This past week has been more stressful than usual. Last Saturday started out like an ordinary “quarantime” day. I finished my coffee & headed up the hill behind the property with the dogs for our morning hike.
Of course, they got into the muddiest of puddles on the way back down, so I got out the hose to clean them off before they could go in the house. Blue was first … it’s always easy to see the mud on him! Then I turned the hose on Mick … as I started spraying his chest, I noticed a big stick stuck in his fur. Hmm, I mused. How’d a stick that big get tangled in your fur? I reached out to gently disentangle it, then realized it wasn’t stuck in his fur, it was impaled in his chest!!! Of course, my initial instinct was to get it out, but I was afraid it was plugging a hole in his heart or lungs.
I ran in the house hollering for Justin to come help me & then we called the vet. Of course, since it was a Saturday, our usual vet wasn’t available & we had to call the emergency vet. (This has been the case every single time our dogs have needed emergency help.)
Three hours & $500 later, we were able to take Mick home. They had to slice the stick out because it had barbs in one end, but at least it didn’t poke into any vital organs or arteries!! I should also add –for history’s sake– that all human interactions at the vet took place outdoors, and everyone wore masks.
Today he got the stent out –again all human interactions were outdoors– and the stitches will come out in another ten days.
The hardest part now is keeping him still. He wants to go leaping about at high speeds chasing after Blue again, but he’s only allowed outside on a short leash to go to the bathroom.
We will continue to keep him clean and still until the stitches come out at the end of next week.
I am so grateful the stick didn’t puncture arteries or organs!
It’s so easy to “feed the bad wolf” during this pandemic. There is so much fear and anxiety and resentment in the world right now. This course will help you honor and acknowledge the emotions you’re experiencing as part of the human condition. But it will also help you feed your good wolf, by teaching you simple tools that allow you to access more peace, joy, love, hope, empathy, and compassion even in the midst of chaos.
I have been guiding clients in these tools for nearly a decade, and I’d be honored if you’d allow me to guide you through this time.
I believe I was put here on earth to hold space for the part of you that yearns to unite your desire to belong with your ache to be authentically you, and to help you define, own, express and be appreciated for the gifts you bring to the world.
The world needs your strength and your gifts NOW more than ever.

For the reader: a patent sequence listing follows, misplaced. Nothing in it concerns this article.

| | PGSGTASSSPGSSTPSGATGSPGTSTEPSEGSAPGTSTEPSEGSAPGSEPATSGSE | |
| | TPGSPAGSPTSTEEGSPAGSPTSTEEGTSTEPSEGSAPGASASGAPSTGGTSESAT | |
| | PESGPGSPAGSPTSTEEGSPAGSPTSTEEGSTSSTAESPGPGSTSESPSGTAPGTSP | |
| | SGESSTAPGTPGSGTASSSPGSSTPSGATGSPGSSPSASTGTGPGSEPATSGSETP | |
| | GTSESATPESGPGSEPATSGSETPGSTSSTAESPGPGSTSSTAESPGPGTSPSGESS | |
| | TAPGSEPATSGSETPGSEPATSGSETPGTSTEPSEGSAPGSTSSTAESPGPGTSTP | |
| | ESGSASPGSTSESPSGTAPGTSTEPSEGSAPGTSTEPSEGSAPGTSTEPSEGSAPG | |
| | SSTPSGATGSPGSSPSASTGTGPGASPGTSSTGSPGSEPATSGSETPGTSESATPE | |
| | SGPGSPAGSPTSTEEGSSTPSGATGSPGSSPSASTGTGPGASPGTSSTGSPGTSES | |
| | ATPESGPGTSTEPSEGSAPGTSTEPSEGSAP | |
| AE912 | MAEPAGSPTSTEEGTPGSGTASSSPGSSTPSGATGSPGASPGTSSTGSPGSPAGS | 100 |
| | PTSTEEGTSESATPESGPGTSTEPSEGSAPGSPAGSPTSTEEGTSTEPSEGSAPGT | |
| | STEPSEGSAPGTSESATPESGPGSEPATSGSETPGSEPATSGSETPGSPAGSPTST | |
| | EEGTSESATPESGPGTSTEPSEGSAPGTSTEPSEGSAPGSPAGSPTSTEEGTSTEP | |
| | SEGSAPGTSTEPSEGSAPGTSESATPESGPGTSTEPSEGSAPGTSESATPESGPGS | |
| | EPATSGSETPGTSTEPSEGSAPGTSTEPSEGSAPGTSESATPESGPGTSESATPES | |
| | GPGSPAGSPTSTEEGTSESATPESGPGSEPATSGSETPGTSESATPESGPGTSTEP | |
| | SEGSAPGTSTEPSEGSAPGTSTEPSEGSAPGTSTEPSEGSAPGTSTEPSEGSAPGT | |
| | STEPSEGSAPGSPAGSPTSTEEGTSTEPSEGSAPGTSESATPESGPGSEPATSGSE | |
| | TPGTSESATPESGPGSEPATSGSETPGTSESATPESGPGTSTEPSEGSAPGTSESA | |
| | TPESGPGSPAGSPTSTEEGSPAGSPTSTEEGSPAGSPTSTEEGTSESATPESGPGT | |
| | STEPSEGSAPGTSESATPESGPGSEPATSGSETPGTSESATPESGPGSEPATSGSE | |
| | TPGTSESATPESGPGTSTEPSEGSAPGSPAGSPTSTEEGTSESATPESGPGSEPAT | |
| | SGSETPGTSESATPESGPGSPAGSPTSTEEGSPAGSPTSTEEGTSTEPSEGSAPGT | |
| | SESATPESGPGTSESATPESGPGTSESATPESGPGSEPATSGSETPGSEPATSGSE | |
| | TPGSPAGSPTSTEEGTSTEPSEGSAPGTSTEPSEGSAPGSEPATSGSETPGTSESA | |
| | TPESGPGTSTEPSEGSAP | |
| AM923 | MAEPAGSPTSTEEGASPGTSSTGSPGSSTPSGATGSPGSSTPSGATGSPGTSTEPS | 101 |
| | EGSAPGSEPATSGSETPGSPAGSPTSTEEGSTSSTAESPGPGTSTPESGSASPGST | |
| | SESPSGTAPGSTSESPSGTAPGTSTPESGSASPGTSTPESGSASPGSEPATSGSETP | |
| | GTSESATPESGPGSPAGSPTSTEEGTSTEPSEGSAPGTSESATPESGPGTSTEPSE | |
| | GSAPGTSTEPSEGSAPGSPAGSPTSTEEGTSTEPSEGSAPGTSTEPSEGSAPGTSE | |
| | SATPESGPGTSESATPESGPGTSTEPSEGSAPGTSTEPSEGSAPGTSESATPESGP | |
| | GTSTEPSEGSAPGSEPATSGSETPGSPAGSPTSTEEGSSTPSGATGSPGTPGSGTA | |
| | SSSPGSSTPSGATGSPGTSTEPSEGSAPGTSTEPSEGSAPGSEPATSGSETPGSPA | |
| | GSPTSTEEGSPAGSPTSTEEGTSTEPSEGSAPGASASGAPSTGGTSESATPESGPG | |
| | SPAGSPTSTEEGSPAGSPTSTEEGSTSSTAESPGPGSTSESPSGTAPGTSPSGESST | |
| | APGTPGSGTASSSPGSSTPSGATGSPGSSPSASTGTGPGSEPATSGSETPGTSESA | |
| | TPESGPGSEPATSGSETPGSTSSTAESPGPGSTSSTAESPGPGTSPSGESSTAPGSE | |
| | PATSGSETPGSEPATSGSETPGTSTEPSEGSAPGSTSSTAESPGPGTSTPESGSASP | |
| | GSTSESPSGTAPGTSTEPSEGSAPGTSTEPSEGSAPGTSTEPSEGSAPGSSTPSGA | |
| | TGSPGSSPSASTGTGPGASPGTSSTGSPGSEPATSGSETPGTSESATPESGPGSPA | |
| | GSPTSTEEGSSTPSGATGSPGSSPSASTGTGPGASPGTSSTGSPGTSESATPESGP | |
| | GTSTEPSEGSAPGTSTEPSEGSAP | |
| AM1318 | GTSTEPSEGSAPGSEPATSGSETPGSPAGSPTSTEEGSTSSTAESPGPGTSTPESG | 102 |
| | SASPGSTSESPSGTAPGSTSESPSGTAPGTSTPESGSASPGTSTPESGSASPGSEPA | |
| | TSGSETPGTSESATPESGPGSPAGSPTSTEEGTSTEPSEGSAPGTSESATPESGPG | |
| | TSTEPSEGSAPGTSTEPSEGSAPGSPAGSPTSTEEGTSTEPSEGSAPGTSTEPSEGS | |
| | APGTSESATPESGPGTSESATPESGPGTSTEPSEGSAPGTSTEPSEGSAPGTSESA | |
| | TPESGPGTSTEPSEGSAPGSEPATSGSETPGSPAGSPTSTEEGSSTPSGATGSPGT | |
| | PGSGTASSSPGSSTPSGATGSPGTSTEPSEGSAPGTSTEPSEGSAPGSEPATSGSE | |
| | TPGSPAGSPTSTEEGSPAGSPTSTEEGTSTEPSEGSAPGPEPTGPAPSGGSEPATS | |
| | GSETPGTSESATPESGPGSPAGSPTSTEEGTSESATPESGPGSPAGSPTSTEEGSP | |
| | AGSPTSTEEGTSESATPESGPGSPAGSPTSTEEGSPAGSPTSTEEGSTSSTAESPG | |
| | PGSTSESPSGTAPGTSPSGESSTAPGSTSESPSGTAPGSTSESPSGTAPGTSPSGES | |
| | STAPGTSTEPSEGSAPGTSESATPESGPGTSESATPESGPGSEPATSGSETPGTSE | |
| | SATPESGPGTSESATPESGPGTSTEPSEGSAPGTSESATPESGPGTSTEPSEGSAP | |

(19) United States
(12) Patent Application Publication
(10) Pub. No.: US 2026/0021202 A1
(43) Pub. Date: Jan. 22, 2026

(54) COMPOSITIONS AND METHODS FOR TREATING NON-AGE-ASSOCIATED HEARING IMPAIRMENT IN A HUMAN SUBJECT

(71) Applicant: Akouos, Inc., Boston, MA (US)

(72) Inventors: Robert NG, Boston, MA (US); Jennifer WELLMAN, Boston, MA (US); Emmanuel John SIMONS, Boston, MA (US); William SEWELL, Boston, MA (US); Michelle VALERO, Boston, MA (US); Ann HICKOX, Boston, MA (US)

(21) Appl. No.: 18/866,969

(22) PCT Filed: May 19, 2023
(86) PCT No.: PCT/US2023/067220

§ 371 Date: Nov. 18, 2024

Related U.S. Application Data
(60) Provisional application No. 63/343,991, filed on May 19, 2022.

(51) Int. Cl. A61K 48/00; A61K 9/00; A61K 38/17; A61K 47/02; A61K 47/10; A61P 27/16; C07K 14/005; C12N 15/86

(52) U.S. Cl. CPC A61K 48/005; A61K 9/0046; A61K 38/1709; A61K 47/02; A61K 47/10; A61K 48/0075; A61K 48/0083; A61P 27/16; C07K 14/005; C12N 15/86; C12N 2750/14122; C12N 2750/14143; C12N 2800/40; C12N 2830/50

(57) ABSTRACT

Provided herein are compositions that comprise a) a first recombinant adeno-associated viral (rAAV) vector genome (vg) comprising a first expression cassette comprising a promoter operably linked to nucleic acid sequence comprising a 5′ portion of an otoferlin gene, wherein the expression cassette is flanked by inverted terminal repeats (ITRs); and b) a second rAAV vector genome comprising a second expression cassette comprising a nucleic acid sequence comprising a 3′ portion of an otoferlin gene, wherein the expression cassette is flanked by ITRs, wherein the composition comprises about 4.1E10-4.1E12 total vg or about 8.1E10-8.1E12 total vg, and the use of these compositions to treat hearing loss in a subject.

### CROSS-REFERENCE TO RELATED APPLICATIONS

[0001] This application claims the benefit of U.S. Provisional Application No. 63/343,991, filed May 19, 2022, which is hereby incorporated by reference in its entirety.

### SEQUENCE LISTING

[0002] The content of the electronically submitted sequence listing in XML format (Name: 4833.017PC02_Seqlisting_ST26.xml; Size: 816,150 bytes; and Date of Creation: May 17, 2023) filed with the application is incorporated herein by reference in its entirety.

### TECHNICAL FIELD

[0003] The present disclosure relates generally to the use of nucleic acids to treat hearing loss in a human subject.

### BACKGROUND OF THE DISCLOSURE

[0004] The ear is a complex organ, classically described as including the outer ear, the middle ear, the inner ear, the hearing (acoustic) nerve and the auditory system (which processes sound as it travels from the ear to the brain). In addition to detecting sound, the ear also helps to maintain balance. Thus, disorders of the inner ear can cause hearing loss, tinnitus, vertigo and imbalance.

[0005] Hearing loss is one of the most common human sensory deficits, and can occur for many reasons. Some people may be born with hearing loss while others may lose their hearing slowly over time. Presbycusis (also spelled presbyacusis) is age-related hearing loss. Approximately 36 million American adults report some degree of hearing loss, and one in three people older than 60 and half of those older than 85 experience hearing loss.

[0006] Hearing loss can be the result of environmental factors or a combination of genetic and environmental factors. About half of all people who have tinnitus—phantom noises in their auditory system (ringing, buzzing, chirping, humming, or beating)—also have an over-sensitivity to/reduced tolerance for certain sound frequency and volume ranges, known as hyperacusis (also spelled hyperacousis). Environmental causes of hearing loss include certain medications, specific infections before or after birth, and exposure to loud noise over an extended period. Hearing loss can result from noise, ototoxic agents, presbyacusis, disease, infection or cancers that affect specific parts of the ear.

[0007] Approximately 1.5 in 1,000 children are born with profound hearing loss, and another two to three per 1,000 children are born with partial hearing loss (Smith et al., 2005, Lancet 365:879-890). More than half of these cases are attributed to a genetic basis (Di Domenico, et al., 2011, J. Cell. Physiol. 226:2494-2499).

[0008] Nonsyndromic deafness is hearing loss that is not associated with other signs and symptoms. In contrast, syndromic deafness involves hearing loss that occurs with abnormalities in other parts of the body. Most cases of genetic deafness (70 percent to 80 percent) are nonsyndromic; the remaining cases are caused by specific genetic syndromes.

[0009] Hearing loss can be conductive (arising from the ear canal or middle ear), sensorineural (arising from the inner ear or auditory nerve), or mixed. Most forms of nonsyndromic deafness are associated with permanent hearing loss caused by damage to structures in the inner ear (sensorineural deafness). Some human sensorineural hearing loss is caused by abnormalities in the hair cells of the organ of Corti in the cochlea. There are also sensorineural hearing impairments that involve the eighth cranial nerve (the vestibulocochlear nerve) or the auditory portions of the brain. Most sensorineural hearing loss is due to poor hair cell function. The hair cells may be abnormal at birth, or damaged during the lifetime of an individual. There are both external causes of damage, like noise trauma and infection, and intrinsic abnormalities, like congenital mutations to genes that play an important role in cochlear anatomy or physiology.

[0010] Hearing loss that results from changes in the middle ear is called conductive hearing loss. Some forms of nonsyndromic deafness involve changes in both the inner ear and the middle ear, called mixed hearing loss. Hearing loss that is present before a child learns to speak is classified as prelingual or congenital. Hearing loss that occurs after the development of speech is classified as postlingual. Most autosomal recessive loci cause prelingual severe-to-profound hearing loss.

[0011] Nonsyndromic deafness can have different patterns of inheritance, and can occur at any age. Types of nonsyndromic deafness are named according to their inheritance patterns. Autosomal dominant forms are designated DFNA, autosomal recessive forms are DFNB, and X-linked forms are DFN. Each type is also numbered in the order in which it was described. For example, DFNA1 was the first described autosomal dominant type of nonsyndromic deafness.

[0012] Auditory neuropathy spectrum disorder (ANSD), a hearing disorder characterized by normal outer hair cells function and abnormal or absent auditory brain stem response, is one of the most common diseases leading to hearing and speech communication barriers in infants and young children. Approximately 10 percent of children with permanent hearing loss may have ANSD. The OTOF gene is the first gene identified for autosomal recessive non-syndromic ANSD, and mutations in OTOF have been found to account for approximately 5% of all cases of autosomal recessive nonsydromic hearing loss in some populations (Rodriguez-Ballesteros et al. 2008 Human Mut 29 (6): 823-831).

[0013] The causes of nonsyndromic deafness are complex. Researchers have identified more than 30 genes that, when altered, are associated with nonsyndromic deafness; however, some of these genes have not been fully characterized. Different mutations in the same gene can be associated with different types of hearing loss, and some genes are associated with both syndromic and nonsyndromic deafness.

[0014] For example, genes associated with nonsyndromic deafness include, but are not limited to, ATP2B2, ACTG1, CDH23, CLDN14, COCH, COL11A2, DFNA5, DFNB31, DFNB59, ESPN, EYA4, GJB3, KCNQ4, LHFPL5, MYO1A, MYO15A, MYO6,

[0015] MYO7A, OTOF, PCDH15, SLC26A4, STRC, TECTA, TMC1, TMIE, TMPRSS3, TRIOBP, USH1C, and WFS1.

Yet it’s hard to hold it together when you’re anxious and scared of what’s coming next in this unpredictable world we’ve all been tossed into.
I opened Charles Eisenstein’s book, The More Beautiful World Our Hearts Know is Possible, this morning to find the best quote for my live meditation. I opened to the chapter on naivete. He quotes Goethe in the opening: “I love those who yearn for the impossible.”
Maybe I AM naive, but I believe that we can create from this pandemic a better world. Unlike 9/11, which pitted country against country and forced “sides”, this pandemic is sweeping the entire world. We are ALL affected, which means we are all in it together.
It feels like an opportunity like the one during WWI when everyone stopped fighting for 24 hours on Christmas night to listen to the song Silent Night.
So what can we do as a collective? Not just you, although I am talking to you, but what can we all do together to create the change we wish to see in the world rather than just going back to business as usual when it’s over?
I’m sure you are pondering this along with me when the immediate stress of our wellness, and our loved ones’ wellness, and our economic future, (and whether or not we’ll have enough toilet paper to survive this apocalypse) fades into the background. 💖
So this is just a note to say thank you. Thank you for your support of me and my work. Thank you for supporting your families. Thank you for supporting good in the world. Thank you for “pondering this in your heart” as we all keep tiptoeing our way into the unknown.
All this social distancing has affected each of us in different ways. For me, it’s a little like the time I was learning the HeartMath Stop Emotional Eating program to teach to clients … I’d been in control of my own emotional eating for years. But as soon as I was told I couldn’t do it, I started craving Ben & Jerry’s Ice cream, (NY Super Fudge Chunk or Coffee Heath Bar Crunch are my favorites, but sometimes Chubby Hubby when I’m feeling super indulgent. Or mmmm, they used to have Creme Brulee. Yum!)
But I digress …
My point is that my ordinary life is rather socially distant … I work from home, see my family, and have friends I occasionally talk to on the phone or via text or even more rarely see in person. (I know … it’s my introverted side. It’s an area I’m working to change.) But now that we’re all supposed to social distance, I find myself wanting to talk to other people every day! (So I’ve been reaching out to friends all over the place.) I know that’s a normal response to crisis … to want to reach out and connect and make sure everyone else is okay.
But I also found myself standing in front of the refrigerator much more frequently than usual. And THAT I know is not the same as reaching out to friends. So I used my tools.
I’ve heard from other contacts that urges like impulse shopping (on-line,) or emotionally eating, or binge whatevering are suddenly omnipresent.